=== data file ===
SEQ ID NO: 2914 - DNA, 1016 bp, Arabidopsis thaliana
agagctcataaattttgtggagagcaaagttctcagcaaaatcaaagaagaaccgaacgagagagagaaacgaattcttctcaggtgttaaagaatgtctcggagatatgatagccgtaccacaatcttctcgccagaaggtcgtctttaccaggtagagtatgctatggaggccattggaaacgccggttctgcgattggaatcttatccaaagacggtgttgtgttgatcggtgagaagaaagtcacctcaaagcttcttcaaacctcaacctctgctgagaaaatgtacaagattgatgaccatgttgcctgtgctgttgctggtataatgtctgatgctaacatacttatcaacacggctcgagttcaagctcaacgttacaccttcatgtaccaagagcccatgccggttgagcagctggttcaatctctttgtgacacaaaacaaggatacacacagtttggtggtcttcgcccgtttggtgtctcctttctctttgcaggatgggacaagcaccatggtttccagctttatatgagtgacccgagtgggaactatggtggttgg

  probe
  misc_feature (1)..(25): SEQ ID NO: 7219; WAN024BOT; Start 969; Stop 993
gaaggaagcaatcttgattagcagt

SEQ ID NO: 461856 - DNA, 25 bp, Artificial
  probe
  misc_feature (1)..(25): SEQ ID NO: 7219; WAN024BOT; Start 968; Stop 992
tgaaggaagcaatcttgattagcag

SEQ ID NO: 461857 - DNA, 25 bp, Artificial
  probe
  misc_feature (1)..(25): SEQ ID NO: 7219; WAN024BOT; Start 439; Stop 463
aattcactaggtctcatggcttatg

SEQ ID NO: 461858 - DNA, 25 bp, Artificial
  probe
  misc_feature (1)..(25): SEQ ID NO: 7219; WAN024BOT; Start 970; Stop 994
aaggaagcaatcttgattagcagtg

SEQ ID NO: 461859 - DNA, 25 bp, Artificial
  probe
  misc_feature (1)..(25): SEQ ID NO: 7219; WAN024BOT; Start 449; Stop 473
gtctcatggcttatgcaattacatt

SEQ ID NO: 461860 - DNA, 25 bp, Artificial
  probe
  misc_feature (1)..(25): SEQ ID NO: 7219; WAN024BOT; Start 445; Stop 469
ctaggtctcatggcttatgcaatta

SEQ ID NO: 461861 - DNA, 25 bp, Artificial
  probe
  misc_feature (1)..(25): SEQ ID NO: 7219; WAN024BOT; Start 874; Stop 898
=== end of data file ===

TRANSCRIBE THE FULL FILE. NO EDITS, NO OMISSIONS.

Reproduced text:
SEQ ID NO: 2914 - DNA, 1016 bp, Arabidopsis thaliana
agagctcataaattttgtggagagcaaagttctcagcaaaatcaaagaagaaccgaacgagagagagaaacgaattcttctcaggtgttaaagaatgtctcggagatatgatagccgtaccacaatcttctcgccagaaggtcgtctttaccaggtagagtatgctatggaggccattggaaacgccggttctgcgattggaatcttatccaaagacggtgttgtgttgatcggtgagaagaaagtcacctcaaagcttcttcaaacctcaacctctgctgagaaaatgtacaagattgatgaccatgttgcctgtgctgttgctggtataatgtctgatgctaacatacttatcaacacggctcgagttcaagctcaacgttacaccttcatgtaccaagagcccatgccggttgagcagctggttcaatctctttgtgacacaaaacaaggatacacacagtttggtggtcttcgcccgtttggtgtctcctttctctttgcaggatgggacaagcaccatggtttccagctttatatgagtgacccgagtgggaactatggtggttgg

  probe
  misc_feature (1)..(25): SEQ ID NO: 7219; WAN024BOT; Start 969; Stop 993
gaaggaagcaatcttgattagcagt

SEQ ID NO: 461856 - DNA, 25 bp, Artificial
  probe
  misc_feature (1)..(25): SEQ ID NO: 7219; WAN024BOT; Start 968; Stop 992
tgaaggaagcaatcttgattagcag

SEQ ID NO: 461857 - DNA, 25 bp, Artificial
  probe
  misc_feature (1)..(25): SEQ ID NO: 7219; WAN024BOT; Start 439; Stop 463
aattcactaggtctcatggcttatg

SEQ ID NO: 461858 - DNA, 25 bp, Artificial
  probe
  misc_feature (1)..(25): SEQ ID NO: 7219; WAN024BOT; Start 970; Stop 994
aaggaagcaatcttgattagcagtg

SEQ ID NO: 461859 - DNA, 25 bp, Artificial
  probe
  misc_feature (1)..(25): SEQ ID NO: 7219; WAN024BOT; Start 449; Stop 473
gtctcatggcttatgcaattacatt

SEQ ID NO: 461860 - DNA, 25 bp, Artificial
  probe
  misc_feature (1)..(25): SEQ ID NO: 7219; WAN024BOT; Start 445; Stop 469
ctaggtctcatggcttatgcaatta

SEQ ID NO: 461861 - DNA, 25 bp, Artificial
  probe
  misc_feature (1)..(25): SEQ ID NO: 7219; WAN024BOT; Start 874; Stop 898